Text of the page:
“That’s amazing,” she says, “What role did you play?”

For a moment, I am wondering why this person, who I don’t know that well, wants to know the specifics of my sexual proclivities. “Oh, no,” I realize, “Greece, the country. Not Grease, the musical.”

“Sorry,” she says, turning red. “But wouldn’t that have been something?”

Thursday, August 20, 2009

Letter from Greece, Part 9 of 10

Day Seven: Santorini/Athens
The morning is insanity. The airport in Santorini is small and crowded, as you would expect, with lines of passengers spilling out onto the sidewalk. Inside there are a dozen Chinese women buying refrigerated sandwiches from the small kiosk, and on the roof are tables where everyone is smoking. Although we all have assigned seats on the flight back to Athens, people crowd against the doors to the tarmac, then cram onto a lumbering bus, which rides us out to the plane itself. People rush, again, to board.

After about thirty minutes, we’ve landed in Athens, dumped into a choked mess of traffic and angry drivers—it takes almost two hours to get to our hotel. Kip and I are rattled by the speed of Athens, after having been downgraded to the lull of Santorini. We throw down our bags and walk quickly to the Archaeological Museum, only a few blocks away, and after discovering that they are open later than we previously thought, we step into a coffee bar across the street to eat bad sandwiches next to two loud smokers.

Athens needs a better museum. The artifacts here are some of the oldest, most extraordinary objects in the history of known history, they are the tiny beginnings of what we know about culture and art and democracy—at least in the West. But the building is old and badly ventilated, and at the most basic, very unpretty to look at. I think they should build a room for the Elgin Marbles, which were stolen off the Parthenon and now reside in the British Museum in London. (Here, they are called the “Parthenon Marbles,” naturally.) The Greeks should make themselves ready for their return, I think, and maybe in the new Acropolis Museum, they have.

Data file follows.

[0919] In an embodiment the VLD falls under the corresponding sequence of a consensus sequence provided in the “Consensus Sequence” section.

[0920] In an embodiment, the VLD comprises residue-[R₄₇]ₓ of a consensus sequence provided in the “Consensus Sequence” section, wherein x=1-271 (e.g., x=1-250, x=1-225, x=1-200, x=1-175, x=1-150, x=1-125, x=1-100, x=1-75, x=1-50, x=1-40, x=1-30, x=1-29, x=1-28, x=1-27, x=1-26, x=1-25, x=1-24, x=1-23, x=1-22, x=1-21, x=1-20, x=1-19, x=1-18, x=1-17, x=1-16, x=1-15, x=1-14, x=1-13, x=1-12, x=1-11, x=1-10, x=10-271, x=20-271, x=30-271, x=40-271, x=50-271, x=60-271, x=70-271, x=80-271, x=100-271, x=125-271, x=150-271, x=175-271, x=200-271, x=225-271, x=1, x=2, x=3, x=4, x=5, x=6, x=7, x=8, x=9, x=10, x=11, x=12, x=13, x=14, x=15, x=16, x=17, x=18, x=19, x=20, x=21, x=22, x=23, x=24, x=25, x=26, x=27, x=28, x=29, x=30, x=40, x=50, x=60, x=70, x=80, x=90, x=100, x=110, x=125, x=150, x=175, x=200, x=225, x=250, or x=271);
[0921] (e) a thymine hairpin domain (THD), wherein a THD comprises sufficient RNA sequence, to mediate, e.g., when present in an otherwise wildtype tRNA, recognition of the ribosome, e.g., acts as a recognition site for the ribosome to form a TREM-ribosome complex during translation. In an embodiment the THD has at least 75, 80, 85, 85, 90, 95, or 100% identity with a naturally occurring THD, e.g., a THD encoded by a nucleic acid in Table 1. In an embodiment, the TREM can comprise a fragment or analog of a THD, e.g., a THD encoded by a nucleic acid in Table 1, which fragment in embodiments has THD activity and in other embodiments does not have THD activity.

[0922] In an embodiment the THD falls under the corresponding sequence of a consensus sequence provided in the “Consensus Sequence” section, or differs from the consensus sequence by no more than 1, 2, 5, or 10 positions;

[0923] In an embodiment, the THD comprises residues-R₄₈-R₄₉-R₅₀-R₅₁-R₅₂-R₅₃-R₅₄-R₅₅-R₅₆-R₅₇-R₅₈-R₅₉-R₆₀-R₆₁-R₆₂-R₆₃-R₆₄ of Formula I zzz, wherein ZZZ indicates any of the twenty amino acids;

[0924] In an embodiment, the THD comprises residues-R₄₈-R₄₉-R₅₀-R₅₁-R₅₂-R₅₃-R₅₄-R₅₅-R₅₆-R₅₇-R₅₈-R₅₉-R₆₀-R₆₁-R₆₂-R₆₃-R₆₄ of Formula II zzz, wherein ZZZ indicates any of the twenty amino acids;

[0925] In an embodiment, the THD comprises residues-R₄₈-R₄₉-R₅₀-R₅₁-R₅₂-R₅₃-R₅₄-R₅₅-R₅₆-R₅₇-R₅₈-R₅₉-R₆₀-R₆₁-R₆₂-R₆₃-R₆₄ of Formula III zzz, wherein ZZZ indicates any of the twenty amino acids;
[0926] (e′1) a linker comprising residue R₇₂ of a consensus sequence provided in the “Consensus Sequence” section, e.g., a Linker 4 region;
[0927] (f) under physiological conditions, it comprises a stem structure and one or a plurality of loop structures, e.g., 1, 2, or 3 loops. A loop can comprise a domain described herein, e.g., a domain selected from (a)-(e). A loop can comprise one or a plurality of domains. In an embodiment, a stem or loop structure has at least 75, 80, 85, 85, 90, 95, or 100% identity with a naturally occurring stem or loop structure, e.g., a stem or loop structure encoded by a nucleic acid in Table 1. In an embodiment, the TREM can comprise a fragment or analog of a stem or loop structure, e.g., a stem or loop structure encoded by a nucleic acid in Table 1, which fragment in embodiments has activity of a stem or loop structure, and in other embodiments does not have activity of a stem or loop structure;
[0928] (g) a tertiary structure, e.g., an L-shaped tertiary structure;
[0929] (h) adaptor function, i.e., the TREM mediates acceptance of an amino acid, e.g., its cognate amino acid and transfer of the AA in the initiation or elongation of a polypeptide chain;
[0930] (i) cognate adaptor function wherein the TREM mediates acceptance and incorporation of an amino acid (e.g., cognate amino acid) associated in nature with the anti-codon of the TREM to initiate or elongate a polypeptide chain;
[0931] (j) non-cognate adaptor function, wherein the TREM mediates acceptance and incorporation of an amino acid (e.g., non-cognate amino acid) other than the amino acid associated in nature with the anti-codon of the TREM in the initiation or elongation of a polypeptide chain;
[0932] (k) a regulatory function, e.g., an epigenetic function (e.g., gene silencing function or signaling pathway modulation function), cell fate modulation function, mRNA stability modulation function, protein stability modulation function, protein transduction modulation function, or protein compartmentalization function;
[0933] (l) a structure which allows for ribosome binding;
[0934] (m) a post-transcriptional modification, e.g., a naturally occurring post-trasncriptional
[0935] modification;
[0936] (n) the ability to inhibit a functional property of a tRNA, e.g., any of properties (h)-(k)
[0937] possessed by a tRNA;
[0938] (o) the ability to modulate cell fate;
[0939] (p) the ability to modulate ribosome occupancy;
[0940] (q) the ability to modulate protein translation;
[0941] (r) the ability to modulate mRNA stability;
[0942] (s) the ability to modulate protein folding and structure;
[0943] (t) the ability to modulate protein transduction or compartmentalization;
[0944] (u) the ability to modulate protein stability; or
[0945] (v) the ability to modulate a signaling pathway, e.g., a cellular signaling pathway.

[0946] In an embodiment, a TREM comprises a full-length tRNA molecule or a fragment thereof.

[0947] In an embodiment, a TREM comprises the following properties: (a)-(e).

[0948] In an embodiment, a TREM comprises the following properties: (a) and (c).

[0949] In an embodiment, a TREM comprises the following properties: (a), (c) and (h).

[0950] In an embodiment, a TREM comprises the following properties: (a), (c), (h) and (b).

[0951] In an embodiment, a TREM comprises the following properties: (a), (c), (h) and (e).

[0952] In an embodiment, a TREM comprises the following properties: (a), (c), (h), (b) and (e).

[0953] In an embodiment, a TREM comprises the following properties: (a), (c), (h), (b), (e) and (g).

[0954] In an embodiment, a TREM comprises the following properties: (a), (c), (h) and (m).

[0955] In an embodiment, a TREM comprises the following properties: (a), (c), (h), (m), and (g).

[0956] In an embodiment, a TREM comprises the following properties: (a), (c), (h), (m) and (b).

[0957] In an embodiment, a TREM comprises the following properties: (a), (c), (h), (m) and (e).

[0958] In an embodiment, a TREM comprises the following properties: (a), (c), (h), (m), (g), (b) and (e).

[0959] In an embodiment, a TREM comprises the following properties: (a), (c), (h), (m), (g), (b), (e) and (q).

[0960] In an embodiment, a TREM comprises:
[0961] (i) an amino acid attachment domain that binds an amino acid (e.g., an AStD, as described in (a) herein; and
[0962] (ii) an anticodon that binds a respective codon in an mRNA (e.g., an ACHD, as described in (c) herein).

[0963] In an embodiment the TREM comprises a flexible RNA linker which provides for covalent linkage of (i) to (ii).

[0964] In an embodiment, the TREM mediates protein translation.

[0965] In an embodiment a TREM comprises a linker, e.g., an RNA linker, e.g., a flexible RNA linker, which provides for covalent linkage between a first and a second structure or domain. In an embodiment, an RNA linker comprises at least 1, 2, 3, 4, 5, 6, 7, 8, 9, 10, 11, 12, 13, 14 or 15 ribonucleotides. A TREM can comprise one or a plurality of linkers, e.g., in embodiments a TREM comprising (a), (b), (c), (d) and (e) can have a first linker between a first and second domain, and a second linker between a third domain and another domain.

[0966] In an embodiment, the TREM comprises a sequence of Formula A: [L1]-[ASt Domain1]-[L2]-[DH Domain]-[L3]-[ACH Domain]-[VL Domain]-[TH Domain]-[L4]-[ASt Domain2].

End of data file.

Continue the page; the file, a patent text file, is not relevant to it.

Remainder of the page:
Kip implores that we choose a contemporary restaurant for dinner, enough of these “taverna” type traditional places with all the same food over and over. I agree. We look to our guidebook for a new restaurant, something younger. Dare we hope for something gay?

Cook Coo Food is buried in a neighborhood that feels like the East Village—with rock show posters for bands called “Gods of Blood,” “Drunk Motherfuckers,” and “DeathWram”—I realize now that the neighborhood we stayed in before was more Upper East Side. The walls of the restaurant are decorated in blown-up photos of sign language letters, a hundred hands and fingers all along the walls. From the ceiling hang chandeliers that look like silver crowns spotted with fake roses—very gay. We order the tomato fritters, which the witty menu has listed as “Santorini’s favorite!!!” They are fantastic, the freshness of the tomato covered up, briefly, by the hot crunch, and then the cool touch of mint. Kip orders a roasted pork thing with feta and potatoes, and I have a vegetable coconut curry. On the walk home, we find a pastry shop with a freezer full of tiny ice cream pops—pale green, as big as your thumb, for only pennies.

That night, I have a dream about someone I went to high school with—Pearl Hwang, of all people. She and I are driving my car around some nameless town, and in the back are all these electrical cords that I know connect to some matching set of vacuum cleaners, somewhere. Then—the way things happen in dreams—they are stolen. Then the police come. And, turns out, Pearl is undercover, and she takes down some details about where I’ve been, even though she was with me in the car the whole time. In the morning, I tell Kip about the dream as he brushes his teeth.

Friday, August 14, 2009

Things I Keep Meaning to Say

--Sean, I promise I'm getting to the whole "childhood corkboard" stuff. As you well know, I've been inundated with "real work" in the last two months, so I have been lazy about taking photos and, like, putting them into the computer. Are there cameras that just beam the photos into the computer now? Without a cord? I'll have one of those, please.